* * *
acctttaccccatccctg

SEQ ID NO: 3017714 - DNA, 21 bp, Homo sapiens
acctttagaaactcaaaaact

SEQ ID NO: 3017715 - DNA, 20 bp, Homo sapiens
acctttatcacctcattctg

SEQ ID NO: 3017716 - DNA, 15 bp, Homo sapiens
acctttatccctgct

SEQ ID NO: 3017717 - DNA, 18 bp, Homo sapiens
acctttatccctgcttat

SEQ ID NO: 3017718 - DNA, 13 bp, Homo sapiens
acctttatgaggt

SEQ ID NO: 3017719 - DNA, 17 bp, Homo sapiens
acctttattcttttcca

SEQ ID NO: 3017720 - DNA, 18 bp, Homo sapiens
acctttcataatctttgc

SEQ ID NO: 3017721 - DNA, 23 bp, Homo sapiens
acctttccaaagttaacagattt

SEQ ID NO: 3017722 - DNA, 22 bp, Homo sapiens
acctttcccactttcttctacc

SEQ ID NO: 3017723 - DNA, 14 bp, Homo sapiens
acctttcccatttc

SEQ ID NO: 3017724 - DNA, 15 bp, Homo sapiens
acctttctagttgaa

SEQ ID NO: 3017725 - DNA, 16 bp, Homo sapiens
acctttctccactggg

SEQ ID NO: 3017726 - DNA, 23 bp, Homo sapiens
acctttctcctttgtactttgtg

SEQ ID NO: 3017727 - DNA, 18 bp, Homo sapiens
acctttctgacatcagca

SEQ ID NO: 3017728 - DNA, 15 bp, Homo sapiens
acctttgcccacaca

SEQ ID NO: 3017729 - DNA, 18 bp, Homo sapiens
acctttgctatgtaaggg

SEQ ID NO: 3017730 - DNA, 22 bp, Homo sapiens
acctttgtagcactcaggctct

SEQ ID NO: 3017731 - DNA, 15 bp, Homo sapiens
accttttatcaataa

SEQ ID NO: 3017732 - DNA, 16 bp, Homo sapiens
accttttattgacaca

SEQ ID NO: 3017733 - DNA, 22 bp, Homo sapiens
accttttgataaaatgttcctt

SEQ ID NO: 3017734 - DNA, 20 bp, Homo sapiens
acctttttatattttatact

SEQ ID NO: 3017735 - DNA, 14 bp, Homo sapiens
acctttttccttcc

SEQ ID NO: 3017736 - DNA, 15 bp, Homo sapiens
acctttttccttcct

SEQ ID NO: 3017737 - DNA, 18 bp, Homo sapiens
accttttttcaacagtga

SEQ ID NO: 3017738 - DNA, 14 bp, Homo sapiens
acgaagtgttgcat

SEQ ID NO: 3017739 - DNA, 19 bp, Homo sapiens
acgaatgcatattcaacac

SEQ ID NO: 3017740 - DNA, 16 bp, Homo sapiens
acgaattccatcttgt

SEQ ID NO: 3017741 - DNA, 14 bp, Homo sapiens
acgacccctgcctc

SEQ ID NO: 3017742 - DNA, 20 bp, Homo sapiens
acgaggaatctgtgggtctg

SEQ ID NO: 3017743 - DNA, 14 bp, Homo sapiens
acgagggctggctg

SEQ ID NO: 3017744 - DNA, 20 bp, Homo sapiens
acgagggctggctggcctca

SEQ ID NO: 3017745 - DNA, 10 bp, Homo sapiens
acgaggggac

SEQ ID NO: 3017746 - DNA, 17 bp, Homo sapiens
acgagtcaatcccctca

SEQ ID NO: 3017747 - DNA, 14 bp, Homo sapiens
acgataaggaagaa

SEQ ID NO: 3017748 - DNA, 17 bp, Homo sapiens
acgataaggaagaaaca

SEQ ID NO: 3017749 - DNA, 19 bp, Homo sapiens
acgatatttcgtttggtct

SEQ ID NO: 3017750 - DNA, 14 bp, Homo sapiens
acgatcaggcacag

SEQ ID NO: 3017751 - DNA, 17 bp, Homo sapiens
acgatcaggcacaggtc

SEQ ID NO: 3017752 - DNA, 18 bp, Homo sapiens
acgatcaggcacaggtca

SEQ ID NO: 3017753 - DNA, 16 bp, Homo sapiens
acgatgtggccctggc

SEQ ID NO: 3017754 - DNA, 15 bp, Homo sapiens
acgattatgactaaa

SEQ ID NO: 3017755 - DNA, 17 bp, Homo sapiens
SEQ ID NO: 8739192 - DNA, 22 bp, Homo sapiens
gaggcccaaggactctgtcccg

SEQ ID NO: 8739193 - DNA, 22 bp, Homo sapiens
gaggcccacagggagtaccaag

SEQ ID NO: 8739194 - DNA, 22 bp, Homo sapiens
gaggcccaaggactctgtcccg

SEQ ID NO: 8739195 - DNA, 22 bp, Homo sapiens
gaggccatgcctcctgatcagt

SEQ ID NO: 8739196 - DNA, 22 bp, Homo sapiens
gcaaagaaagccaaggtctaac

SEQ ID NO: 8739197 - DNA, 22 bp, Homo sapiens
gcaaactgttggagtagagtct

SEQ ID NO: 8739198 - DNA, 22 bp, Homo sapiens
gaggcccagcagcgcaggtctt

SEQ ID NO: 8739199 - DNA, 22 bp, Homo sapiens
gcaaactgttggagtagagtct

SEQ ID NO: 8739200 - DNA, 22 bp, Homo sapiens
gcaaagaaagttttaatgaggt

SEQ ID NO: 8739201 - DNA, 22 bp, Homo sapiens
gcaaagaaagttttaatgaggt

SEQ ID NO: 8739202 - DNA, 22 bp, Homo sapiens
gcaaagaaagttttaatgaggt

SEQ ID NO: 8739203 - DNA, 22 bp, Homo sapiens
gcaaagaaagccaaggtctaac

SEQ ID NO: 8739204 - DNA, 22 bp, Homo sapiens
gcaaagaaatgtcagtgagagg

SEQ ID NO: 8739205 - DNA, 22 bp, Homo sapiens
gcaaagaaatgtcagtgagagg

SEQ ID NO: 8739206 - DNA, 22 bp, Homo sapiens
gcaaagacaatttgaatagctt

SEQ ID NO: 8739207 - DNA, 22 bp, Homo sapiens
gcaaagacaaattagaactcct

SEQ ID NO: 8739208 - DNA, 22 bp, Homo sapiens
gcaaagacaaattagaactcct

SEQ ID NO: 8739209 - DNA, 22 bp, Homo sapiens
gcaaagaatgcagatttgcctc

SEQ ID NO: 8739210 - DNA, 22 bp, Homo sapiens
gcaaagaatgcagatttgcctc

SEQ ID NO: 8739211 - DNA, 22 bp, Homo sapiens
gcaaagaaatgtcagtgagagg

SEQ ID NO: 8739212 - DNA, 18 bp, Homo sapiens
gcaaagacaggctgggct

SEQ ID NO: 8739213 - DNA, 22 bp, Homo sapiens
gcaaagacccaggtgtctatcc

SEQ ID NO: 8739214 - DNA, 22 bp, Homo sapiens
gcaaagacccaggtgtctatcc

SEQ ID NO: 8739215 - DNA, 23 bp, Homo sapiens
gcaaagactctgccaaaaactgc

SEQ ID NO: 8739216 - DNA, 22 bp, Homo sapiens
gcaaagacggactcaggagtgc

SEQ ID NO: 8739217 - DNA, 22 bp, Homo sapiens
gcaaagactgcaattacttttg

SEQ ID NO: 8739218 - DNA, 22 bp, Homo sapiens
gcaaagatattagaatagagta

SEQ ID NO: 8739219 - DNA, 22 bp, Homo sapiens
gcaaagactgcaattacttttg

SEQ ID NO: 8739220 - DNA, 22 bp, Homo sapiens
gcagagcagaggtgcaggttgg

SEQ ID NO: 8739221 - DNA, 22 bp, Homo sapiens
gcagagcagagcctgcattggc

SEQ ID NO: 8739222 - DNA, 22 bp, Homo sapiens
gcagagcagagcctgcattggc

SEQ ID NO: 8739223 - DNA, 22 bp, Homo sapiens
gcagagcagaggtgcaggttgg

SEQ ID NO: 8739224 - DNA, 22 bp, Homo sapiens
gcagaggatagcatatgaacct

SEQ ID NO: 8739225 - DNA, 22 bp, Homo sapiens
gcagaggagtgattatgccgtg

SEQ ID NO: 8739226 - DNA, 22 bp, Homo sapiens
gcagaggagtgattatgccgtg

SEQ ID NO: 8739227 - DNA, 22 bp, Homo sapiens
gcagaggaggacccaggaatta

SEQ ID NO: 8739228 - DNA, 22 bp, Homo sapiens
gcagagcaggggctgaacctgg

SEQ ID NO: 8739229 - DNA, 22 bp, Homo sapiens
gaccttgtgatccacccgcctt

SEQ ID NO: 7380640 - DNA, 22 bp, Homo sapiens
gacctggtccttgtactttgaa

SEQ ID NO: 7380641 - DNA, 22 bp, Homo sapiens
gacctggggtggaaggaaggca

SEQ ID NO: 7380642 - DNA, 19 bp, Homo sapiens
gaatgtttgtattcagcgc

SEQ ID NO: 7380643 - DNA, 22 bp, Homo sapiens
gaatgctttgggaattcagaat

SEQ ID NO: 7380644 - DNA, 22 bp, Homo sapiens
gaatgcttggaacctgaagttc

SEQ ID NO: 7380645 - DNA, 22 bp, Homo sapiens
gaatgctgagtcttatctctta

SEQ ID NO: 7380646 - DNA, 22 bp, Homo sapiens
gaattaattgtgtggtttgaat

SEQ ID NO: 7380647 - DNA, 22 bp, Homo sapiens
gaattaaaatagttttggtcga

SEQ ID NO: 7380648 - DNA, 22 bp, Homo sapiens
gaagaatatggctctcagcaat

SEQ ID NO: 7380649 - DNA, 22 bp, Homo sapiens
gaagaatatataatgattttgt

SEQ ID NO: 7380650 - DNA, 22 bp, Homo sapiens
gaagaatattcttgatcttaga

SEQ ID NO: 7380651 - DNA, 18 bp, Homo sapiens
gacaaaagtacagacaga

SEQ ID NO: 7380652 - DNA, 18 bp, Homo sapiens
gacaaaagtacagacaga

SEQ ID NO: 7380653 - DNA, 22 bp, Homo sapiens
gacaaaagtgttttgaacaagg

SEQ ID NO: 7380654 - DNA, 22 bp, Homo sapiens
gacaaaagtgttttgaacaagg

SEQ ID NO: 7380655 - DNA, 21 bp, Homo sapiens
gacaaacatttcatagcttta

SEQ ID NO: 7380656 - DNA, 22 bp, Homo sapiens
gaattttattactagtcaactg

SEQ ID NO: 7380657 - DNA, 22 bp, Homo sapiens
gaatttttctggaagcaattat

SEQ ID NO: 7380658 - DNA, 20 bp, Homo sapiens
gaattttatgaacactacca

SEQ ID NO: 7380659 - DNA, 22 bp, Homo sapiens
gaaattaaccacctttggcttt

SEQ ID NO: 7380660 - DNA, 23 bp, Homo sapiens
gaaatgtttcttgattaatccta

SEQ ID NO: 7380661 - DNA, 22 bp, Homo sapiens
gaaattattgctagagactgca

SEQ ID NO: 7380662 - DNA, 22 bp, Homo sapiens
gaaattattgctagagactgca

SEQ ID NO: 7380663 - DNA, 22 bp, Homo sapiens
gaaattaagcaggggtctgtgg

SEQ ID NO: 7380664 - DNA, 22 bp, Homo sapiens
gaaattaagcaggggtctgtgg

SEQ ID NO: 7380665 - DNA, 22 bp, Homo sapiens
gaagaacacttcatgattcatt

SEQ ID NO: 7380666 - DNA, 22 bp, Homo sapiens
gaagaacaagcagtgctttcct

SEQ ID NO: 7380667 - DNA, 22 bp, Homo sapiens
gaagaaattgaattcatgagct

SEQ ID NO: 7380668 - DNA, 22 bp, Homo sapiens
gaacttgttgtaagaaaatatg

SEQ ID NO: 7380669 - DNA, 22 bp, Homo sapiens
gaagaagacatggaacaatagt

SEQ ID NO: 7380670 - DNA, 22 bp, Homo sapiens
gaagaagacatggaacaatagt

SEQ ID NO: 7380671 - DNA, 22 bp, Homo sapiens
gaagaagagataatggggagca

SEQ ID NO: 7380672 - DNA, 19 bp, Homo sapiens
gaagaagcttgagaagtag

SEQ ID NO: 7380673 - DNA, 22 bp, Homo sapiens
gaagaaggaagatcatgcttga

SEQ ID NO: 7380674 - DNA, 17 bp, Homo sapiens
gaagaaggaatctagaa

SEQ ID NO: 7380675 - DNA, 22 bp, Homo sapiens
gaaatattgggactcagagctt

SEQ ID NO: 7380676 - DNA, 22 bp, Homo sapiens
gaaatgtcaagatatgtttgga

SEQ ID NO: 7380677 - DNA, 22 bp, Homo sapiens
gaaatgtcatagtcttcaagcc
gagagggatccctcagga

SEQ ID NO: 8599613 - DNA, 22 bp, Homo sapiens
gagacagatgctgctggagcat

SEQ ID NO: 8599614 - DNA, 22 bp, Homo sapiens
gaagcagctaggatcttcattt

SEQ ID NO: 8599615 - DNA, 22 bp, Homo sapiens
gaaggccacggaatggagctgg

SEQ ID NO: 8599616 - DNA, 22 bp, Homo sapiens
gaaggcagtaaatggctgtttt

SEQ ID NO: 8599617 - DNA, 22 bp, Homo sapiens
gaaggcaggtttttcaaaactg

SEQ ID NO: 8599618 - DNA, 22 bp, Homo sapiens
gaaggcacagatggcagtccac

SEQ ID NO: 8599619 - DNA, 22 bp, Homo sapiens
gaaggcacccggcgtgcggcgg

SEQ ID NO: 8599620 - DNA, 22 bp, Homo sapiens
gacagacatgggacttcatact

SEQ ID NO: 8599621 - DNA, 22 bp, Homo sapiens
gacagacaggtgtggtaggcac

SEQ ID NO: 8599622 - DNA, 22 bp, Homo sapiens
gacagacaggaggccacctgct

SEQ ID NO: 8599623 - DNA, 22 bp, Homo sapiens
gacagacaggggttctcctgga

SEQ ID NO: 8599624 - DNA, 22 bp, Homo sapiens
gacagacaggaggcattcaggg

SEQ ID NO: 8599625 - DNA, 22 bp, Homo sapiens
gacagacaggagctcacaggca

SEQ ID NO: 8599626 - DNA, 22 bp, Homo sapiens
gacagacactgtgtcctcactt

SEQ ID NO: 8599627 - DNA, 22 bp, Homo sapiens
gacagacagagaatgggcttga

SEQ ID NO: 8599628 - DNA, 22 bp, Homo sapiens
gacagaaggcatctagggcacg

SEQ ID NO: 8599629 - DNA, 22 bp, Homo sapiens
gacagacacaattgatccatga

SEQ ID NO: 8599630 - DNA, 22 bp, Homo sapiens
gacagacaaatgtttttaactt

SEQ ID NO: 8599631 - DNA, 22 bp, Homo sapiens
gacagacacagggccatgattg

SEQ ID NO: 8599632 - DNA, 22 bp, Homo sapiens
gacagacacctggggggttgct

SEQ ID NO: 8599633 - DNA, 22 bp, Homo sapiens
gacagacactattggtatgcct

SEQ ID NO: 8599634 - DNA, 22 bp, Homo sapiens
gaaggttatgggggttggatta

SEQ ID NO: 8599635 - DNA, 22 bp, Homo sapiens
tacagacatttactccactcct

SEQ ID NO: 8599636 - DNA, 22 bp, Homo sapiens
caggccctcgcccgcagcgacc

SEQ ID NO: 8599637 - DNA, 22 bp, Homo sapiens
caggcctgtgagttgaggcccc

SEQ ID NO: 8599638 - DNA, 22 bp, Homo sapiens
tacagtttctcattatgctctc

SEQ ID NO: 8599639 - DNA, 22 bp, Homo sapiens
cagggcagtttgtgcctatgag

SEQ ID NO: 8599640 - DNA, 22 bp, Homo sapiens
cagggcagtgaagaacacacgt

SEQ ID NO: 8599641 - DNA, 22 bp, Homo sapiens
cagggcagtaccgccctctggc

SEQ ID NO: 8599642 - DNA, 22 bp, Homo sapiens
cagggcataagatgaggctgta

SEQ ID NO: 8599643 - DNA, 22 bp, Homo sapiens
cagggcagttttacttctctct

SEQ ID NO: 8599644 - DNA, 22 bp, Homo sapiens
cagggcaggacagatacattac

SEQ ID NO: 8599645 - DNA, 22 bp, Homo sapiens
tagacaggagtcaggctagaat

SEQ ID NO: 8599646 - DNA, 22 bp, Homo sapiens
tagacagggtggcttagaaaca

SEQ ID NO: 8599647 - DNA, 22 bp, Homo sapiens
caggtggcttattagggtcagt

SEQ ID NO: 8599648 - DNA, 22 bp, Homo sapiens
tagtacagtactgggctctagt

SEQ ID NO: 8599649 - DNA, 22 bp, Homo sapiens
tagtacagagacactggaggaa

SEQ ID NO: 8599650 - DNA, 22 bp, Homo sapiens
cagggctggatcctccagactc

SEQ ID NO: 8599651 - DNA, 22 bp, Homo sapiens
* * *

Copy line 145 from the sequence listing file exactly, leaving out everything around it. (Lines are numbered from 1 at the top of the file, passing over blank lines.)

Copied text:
SEQ ID NO: 8739222 - DNA, 22 bp, Homo sapiens